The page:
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Kidney Week

Abstract: PO2577

Single-Dose Rituximab and Antithymocyte Globulin (ATG) in Hypersensitized Kidney Transplant Recipients

Session Information

Category: Transplantation

  • 1902 Transplantation: Clinical

Authors

  • Wang, Aileen, Stanford University School of Medicine, Stanford, California, United States
  • Wang, Uerica K., Stanford University School of Medicine, Stanford, California, United States
  • Troxell, Megan L., Stanford University School of Medicine, Stanford, California, United States
  • Busque, Stephan, Stanford University School of Medicine, Stanford, California, United States
  • Lenihan, Colin R., Stanford University School of Medicine, Stanford, California, United States
Background

Hypersensitized kidney transplant recipients (calculated panel reactive antibody (cPRA) ≥ 98%), may represent a population at high risk of posttransplant immunologic events. Their optimal induction regimen so far remain uncertain. The goal of this study was to compare 1-year outcomes of patients receiving rituximab and ATG as induction, the majority of whom were hypersensitized, with highly sensitized recipients (cPRA ≥ 80%) who received ATG alone.

Methods

All patients ≥ 18 years received a flow cross-match compatible kidney transplant between December 2014 and May 2020. We excluded patients who underwent pretransplant desensitization, simultaneous multi-organ transplantation, or received 0-HLA antigen mismatched organ. The exposure of interest was receipt of single dose rituximab (500mg) at induction. The 1-year outcomes were 1) patient and death censored graft survival, 2) glomerular filtration rate (GFR), 3) de novo DSA formation, 4) biopsy proven T-cell or antibody mediated rejection, 5) the composite of dnDSA and rejection, 6) BK viremia, and 7) CMV viremia.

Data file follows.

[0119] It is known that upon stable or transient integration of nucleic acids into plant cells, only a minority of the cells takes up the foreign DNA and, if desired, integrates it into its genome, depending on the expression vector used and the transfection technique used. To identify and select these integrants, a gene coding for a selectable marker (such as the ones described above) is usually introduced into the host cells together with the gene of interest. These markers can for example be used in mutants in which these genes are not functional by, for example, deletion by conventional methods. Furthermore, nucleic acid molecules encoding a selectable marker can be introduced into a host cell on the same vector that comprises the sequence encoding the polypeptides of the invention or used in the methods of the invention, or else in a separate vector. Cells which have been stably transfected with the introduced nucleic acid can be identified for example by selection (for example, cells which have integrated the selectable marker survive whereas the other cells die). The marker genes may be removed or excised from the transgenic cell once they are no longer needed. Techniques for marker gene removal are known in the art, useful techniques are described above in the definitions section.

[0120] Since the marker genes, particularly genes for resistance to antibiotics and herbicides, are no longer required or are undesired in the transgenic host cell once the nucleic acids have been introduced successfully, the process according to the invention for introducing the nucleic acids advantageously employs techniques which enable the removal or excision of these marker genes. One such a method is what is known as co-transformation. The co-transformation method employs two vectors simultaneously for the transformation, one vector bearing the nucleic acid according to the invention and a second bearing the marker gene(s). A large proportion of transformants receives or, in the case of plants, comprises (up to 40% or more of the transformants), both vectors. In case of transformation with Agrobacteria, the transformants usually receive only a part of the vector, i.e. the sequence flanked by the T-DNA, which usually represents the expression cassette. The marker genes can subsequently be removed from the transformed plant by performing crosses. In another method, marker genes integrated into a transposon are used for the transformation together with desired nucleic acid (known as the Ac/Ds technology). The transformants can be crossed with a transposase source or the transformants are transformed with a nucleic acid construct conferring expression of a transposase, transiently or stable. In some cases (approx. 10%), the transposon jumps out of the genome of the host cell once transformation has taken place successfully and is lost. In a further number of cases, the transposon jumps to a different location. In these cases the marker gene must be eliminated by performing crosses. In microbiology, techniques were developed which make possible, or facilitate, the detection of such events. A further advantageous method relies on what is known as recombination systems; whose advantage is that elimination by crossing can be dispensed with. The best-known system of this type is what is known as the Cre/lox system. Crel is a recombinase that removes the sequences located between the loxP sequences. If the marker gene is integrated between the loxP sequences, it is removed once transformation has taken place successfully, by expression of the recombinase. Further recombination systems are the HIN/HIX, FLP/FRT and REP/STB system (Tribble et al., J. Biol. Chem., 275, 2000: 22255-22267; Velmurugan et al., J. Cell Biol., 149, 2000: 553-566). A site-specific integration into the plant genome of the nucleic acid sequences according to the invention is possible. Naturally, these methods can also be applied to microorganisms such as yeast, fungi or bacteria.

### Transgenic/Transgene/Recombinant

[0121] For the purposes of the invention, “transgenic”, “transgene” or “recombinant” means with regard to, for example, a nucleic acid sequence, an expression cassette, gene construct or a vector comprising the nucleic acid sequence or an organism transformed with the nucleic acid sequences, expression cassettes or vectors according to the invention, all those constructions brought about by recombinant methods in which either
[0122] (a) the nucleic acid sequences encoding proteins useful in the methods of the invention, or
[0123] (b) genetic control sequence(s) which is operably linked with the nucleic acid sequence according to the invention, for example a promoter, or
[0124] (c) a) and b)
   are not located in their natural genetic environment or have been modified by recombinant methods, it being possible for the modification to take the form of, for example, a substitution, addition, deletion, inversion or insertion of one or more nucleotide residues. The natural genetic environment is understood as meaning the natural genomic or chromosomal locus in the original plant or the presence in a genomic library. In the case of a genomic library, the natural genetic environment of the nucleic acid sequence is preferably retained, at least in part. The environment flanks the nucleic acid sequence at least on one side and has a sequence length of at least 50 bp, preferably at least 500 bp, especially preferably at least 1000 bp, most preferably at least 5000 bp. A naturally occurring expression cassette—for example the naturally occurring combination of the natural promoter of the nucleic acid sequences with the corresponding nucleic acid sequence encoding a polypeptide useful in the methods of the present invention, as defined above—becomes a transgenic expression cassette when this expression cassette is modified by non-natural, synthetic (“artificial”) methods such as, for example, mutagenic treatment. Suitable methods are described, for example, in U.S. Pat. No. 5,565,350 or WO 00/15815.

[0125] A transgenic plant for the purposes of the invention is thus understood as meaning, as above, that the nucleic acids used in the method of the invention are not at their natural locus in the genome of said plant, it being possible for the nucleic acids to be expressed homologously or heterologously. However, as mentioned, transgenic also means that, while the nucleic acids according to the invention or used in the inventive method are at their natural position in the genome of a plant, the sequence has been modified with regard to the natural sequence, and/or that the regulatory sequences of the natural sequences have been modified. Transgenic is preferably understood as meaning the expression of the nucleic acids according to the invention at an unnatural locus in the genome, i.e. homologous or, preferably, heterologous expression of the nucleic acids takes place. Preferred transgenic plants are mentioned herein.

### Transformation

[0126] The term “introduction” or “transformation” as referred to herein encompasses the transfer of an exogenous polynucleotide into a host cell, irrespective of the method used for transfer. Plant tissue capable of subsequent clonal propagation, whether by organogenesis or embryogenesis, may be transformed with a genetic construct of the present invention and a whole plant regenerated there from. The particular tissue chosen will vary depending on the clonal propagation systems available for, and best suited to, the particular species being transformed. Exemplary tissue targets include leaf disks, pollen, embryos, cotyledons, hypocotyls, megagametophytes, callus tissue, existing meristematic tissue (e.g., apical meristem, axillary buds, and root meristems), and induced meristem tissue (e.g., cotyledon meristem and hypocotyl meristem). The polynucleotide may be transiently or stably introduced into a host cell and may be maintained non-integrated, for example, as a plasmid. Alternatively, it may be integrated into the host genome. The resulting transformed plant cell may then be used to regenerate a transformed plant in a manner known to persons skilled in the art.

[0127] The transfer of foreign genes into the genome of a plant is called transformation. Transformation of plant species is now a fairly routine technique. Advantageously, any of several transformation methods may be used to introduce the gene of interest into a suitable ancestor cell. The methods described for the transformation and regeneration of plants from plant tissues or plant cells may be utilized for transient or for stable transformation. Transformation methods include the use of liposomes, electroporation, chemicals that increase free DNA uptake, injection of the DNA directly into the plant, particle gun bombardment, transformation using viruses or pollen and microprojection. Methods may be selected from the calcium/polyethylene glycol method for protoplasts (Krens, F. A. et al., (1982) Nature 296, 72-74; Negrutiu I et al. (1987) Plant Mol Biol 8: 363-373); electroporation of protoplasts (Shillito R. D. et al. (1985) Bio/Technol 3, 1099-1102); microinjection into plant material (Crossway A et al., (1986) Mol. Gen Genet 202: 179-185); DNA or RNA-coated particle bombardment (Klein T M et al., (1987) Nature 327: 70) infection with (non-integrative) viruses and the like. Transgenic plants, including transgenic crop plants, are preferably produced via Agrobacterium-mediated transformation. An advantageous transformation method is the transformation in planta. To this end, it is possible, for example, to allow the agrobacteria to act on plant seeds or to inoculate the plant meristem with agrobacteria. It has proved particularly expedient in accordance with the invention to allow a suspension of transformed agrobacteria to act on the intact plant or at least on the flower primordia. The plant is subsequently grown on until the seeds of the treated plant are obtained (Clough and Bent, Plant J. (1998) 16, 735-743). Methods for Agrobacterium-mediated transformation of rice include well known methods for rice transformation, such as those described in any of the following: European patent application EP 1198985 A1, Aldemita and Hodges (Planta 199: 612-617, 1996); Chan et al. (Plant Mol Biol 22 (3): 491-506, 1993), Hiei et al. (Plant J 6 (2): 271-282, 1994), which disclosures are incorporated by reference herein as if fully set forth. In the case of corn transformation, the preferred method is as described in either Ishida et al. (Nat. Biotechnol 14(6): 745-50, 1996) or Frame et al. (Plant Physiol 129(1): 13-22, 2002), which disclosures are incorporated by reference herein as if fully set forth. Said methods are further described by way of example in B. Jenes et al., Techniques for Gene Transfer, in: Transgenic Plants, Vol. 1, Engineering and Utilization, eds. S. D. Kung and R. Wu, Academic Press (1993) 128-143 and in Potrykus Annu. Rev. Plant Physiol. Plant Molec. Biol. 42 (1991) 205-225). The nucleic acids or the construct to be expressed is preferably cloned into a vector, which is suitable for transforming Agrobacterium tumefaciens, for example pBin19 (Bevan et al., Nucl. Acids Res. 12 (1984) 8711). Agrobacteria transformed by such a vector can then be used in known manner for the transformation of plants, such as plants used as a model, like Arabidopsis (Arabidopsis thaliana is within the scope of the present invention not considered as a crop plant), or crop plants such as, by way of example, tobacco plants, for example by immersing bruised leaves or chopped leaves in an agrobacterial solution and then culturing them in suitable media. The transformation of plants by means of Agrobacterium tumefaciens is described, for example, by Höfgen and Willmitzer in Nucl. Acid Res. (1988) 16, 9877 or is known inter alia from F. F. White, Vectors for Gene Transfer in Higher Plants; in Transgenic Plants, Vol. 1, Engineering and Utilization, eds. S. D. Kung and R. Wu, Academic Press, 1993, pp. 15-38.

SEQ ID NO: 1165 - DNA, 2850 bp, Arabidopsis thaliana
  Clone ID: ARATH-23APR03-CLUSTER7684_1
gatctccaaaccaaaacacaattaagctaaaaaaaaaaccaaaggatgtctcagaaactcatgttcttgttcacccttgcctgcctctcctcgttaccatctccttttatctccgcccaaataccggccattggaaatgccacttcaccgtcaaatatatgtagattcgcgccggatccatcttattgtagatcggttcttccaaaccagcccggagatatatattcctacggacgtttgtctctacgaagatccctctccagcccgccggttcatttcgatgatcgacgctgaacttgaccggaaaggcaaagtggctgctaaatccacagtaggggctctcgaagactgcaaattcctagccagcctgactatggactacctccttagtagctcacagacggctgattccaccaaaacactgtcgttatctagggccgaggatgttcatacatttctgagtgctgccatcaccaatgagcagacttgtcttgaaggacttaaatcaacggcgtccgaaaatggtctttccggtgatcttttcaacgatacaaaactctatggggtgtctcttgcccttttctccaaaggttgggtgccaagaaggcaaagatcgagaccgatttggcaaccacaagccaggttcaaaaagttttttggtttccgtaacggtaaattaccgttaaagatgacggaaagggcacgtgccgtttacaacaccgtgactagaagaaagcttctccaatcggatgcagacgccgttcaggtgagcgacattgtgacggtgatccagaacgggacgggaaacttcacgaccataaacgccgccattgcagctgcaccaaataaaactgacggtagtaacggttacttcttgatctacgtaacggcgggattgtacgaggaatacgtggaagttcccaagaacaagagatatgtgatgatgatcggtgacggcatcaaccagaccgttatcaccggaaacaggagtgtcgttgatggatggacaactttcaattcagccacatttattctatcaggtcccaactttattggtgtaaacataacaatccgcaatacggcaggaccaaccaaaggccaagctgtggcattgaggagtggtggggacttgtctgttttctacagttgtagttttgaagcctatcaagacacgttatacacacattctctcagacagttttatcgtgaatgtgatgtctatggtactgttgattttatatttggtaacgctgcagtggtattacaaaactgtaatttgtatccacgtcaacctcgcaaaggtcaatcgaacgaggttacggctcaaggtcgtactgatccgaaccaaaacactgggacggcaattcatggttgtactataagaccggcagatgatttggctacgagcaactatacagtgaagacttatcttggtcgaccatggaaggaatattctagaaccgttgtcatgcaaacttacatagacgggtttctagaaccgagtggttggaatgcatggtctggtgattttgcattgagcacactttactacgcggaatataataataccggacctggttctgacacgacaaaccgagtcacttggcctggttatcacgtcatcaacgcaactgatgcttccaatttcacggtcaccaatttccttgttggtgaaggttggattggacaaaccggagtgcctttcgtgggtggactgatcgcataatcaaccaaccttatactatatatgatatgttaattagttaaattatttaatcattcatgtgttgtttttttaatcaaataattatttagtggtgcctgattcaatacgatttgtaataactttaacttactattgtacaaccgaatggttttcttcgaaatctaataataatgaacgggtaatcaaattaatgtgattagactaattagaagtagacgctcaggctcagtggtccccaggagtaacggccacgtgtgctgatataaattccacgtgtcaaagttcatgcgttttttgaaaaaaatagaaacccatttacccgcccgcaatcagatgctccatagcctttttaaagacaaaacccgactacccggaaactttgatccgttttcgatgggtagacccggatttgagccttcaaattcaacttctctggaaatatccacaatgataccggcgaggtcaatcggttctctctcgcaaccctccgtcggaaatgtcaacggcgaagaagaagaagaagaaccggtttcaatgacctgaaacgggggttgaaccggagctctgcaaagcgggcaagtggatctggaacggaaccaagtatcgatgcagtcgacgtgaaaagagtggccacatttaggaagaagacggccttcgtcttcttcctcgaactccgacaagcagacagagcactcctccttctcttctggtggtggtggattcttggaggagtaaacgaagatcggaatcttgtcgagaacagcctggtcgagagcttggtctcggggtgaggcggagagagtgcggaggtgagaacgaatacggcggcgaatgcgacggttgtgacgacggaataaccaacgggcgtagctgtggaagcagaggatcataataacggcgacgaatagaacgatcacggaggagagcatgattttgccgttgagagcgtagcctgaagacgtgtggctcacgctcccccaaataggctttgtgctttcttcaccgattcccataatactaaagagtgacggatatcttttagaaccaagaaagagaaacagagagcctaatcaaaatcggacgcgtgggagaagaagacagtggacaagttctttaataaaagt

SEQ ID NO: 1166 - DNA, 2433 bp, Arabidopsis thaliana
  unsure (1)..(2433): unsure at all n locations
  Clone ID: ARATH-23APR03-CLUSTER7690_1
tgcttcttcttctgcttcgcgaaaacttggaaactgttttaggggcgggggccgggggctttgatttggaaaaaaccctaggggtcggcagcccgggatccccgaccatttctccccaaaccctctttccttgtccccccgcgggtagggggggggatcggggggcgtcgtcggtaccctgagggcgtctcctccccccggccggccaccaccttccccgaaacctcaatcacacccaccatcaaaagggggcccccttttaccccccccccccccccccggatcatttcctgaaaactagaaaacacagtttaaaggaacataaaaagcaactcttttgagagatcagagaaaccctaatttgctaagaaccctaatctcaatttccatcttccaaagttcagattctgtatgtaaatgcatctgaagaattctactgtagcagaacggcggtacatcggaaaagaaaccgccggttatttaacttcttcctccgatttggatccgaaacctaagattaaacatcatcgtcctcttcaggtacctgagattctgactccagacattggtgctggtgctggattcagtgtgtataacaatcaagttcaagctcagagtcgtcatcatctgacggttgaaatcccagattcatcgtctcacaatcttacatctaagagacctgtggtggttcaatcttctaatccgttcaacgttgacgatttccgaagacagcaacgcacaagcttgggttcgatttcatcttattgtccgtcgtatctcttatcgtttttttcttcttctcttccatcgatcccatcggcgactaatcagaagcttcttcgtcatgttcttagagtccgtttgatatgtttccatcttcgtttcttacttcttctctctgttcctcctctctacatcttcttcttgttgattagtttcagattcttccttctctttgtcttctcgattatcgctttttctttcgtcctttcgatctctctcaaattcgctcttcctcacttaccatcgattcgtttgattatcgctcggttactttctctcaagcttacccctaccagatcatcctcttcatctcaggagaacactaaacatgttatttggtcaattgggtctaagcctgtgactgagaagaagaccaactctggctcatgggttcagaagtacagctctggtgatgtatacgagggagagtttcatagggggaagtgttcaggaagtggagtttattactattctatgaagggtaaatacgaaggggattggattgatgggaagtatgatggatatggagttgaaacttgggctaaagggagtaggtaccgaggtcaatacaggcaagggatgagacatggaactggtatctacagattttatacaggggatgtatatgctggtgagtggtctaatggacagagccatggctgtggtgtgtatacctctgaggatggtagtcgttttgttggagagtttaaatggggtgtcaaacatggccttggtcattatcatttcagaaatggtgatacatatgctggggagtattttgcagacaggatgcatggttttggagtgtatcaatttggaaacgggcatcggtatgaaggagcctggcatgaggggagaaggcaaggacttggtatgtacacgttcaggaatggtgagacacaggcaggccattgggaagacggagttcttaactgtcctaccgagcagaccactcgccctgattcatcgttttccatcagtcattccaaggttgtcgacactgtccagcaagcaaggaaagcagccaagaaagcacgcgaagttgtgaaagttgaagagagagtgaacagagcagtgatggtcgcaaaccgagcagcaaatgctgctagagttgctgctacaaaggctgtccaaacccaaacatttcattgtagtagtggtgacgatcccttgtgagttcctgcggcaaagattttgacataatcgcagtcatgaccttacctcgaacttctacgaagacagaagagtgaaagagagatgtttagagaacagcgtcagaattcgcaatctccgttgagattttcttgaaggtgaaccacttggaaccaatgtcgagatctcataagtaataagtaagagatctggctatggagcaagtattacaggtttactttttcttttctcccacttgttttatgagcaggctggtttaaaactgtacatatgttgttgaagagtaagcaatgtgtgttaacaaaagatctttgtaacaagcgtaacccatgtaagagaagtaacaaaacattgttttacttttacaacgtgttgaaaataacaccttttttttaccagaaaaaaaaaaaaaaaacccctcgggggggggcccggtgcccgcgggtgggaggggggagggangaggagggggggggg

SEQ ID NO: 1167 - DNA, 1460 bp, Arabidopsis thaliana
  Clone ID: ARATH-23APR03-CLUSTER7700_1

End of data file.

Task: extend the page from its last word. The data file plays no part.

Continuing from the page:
Results

70 patients received rituximab and ATG (Ritux) and 39 received ATG alone (Control). The Ritux group were (numerically) younger, more sensitized, received kidneys with a longer cold ischemia time, and lower kidney donor profile index. ATG doses were similar. The majority were deceased donor transplants. 1-year patient and death censored graft survival, mean GFR, incidences of BK viremia and CMV viremia were similar for Ritux and Control. 2 patients with primary graft non-function (1 in each group) and 1 patient with early posttransplant death (in Ritux) were excluded from the remaining outcome analyses (Table 1).

Conclusion

The addition of rituximab to ATG as induction for hypersensitized patients appear to be safe and is associated with excellent 1-year outcomes in patient and death cenosred graft survival. Rituximab at induction was associated with reduced incidence of dnDSA formation and/or rejection at 1-year post transplant. Our observations warrant further evaluatoin of anti-B cell therapy induction for hypersensitized kidney transplant recipients.

Table 1
1-Year OutcomesRitux (n=68)Control (n=38)P Value
Rejection5 (7.0%)6 (15.8%)0.20
De Novo DSA5 (7.3%)7 (18.4%)0.11
De Novo DSA and/or Rejection9 (13.2%)12 (31.6%)0.04